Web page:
A note should be made about the sensitive and intelligent design by Ann Gallenson of A Charles Design, Inc. Vivid red paper with white text serves as the cover, followed by two semi-transparent sheets that screen the modest and beguiling Osono Kokeshi (female dancer) who gazes out from the title page. As a delicious nuance, her profile is graphically rendered on the backcover, suggesting a Japanese kanji (calligraphic stroke) or even a string of folded paper. The overall format of the book is elegantly elongated, as the dolls are, with nuances of design that turn, for example, the recording of marks (of interest to any scholar) into a design feature on each page. Lavishly illustrated with over 300 images of Kokeshi, each element honors the work and captures the inherent winsomeness of Kokeshi dolls.

Kokeshi: Wooden Treasures of Japan, a Visual Exploration offers both a beautiful object in its own right  and a clarifying history of the dolls, leavened with nuances of cultural history and custom. For the general reader the book offers many delights, and for the specialist collector of Kokeshi, the images and marks will aid them for years to come.


Reviewed in

Independent Review

Date: April 2005

Reviewed by:

Melia Childress, Media Salad

This gorgeous new book - the only one on the subject in English and in print - captures the charm of these wooden treasures with 224 full color plates of the very best examples of both traditional and creative Kokeshi dolls from all regions of Japan. The cover is unusual and has the look and feel of hand-crafted binding. Size: 6 9/16” x 11” x 3/4”. Condition: New. ISBN: 0975957007. Kokeshi: Wooden Treasures of Japan, is a modern exploration of a folk craft two centuries old. This timely publication reflects both the growing interest in Japan and Japanese culture in the West, and the rediscovery of folk art, traditional crafts and culturally unique handmade objects. Beyond simple visual charm, the book presents an entirely new way of appreciating Kokeshi. By exploring the variety, diversity, and historical uniqueness of Kokeshi, the dolls become - beyond a delight to the eye - an important representation of a culturally rich and creative society. Familiar examples along with rare and lesser-known dolls are presented according to traditional or creative association. Special attention is given to dolls of the ten traditional Kokeshi families, as well as creative dolls depicting popular folk legends and figures. Kokeshi by representative artists, and regional and religious dolls are also included. To complete this publication, artists’ marks, signatures and places of origin are illustrated. This book is an essential reference for the serious collector, and a fascinating education for anyone interested in folk dolls, traditional arts, or Japanese culture.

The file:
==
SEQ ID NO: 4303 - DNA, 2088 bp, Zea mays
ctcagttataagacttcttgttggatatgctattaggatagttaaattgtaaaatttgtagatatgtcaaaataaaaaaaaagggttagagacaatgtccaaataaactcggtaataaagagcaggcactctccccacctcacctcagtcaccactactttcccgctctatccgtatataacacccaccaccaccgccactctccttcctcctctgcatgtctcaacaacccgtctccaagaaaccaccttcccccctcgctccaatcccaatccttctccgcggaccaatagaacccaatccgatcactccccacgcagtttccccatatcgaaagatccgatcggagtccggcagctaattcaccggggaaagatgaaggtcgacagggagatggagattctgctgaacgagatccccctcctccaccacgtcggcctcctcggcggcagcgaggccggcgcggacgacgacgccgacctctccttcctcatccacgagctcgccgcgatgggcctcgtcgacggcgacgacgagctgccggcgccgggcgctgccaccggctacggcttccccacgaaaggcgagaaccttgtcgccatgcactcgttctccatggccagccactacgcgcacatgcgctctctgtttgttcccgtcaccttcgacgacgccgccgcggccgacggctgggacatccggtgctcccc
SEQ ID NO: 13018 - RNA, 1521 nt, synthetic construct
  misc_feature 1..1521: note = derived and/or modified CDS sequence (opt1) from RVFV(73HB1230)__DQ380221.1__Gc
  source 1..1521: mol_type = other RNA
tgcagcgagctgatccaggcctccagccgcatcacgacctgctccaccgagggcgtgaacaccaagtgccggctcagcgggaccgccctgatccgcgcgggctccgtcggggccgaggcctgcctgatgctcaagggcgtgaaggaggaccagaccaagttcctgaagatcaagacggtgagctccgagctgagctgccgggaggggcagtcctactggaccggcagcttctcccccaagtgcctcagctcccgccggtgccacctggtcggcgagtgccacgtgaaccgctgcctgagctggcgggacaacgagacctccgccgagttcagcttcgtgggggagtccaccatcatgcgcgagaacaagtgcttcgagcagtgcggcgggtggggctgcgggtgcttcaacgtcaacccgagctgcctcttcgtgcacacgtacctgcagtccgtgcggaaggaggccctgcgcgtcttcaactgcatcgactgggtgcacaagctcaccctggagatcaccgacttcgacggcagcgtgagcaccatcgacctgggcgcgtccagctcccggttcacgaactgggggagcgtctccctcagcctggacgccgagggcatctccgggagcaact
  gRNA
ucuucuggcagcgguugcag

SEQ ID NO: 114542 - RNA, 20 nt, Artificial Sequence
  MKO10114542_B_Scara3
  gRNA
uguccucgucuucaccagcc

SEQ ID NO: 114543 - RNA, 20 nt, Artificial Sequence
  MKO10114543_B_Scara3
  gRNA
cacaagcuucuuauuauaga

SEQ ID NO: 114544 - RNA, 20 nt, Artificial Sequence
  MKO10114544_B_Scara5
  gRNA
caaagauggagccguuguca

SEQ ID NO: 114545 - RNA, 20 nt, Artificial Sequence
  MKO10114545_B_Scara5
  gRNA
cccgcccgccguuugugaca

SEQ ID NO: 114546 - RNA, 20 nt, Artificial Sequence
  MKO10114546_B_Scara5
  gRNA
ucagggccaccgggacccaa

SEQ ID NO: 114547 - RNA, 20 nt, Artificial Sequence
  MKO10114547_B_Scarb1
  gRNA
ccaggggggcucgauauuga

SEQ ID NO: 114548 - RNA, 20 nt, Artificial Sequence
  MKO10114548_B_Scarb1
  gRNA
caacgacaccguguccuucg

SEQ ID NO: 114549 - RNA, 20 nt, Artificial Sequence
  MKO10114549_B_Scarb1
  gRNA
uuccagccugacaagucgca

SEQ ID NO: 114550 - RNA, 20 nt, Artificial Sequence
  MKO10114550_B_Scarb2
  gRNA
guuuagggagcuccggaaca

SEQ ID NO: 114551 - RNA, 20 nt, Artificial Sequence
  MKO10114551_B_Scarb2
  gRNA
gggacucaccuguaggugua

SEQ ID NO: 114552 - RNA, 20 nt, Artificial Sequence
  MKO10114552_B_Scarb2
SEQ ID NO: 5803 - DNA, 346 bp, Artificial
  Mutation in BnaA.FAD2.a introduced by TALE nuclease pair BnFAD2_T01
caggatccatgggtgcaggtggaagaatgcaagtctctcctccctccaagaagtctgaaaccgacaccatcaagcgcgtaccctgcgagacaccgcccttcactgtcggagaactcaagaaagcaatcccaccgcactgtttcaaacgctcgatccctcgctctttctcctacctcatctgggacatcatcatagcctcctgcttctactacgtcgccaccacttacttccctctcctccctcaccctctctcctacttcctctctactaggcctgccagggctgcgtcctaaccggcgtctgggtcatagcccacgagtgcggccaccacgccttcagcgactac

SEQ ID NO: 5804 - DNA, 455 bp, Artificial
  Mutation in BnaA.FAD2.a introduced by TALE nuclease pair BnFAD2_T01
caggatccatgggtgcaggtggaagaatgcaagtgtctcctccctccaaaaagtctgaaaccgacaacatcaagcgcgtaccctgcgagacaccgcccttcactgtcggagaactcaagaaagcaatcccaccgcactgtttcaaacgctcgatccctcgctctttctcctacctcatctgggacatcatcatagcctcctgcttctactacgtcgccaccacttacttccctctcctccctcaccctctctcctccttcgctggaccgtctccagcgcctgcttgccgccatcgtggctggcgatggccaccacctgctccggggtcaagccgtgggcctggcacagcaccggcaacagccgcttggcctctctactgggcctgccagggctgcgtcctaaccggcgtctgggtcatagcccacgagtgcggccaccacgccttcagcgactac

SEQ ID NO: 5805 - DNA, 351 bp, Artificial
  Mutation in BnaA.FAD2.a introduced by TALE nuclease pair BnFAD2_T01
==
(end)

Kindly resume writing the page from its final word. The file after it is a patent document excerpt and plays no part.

CUSTOMER REVIEWS


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Reviewed on ebay

 

Date: May 2005

Reviewed by:

Makiko K.

It is just fascinating to me to know more about Kokeshi. I am overjoyed that someone took the time to publish a book of Kokeshi (so beautiful, too) and I am having a difficult time to find any information about these Kokeshi artists. I really respect and appreciate the volume of information you have presented in your book.


Reviewed on ebay

 

Date: May 2005

Reviewed by:

I go to extreme length to find excellent publication on dolls and thank you for producing a wonderful reference.


Reviewed on ebay

 

Date: May 2005

Reviewed by:

My father has been collecting Kokeshi since the 1930's and has never found a publication as complete and informative as this book.


Reviewed on ebay

 

Date: May 2005

Reviewed by:

This is a museum quality collection, beautifully presented with signatures.


Reviewed on ebay

 

Date: May 2005

Reviewed by:

I never knew what I was collecting until a friend presented me with this exciting book. I take my book to every flea market.


Reviewed on ebay

 

Date: April 2005

Reviewed by:

Robert Sensei, thank you very much for your effort to represent the Japanese culture in an authentic and culturally sensitive way.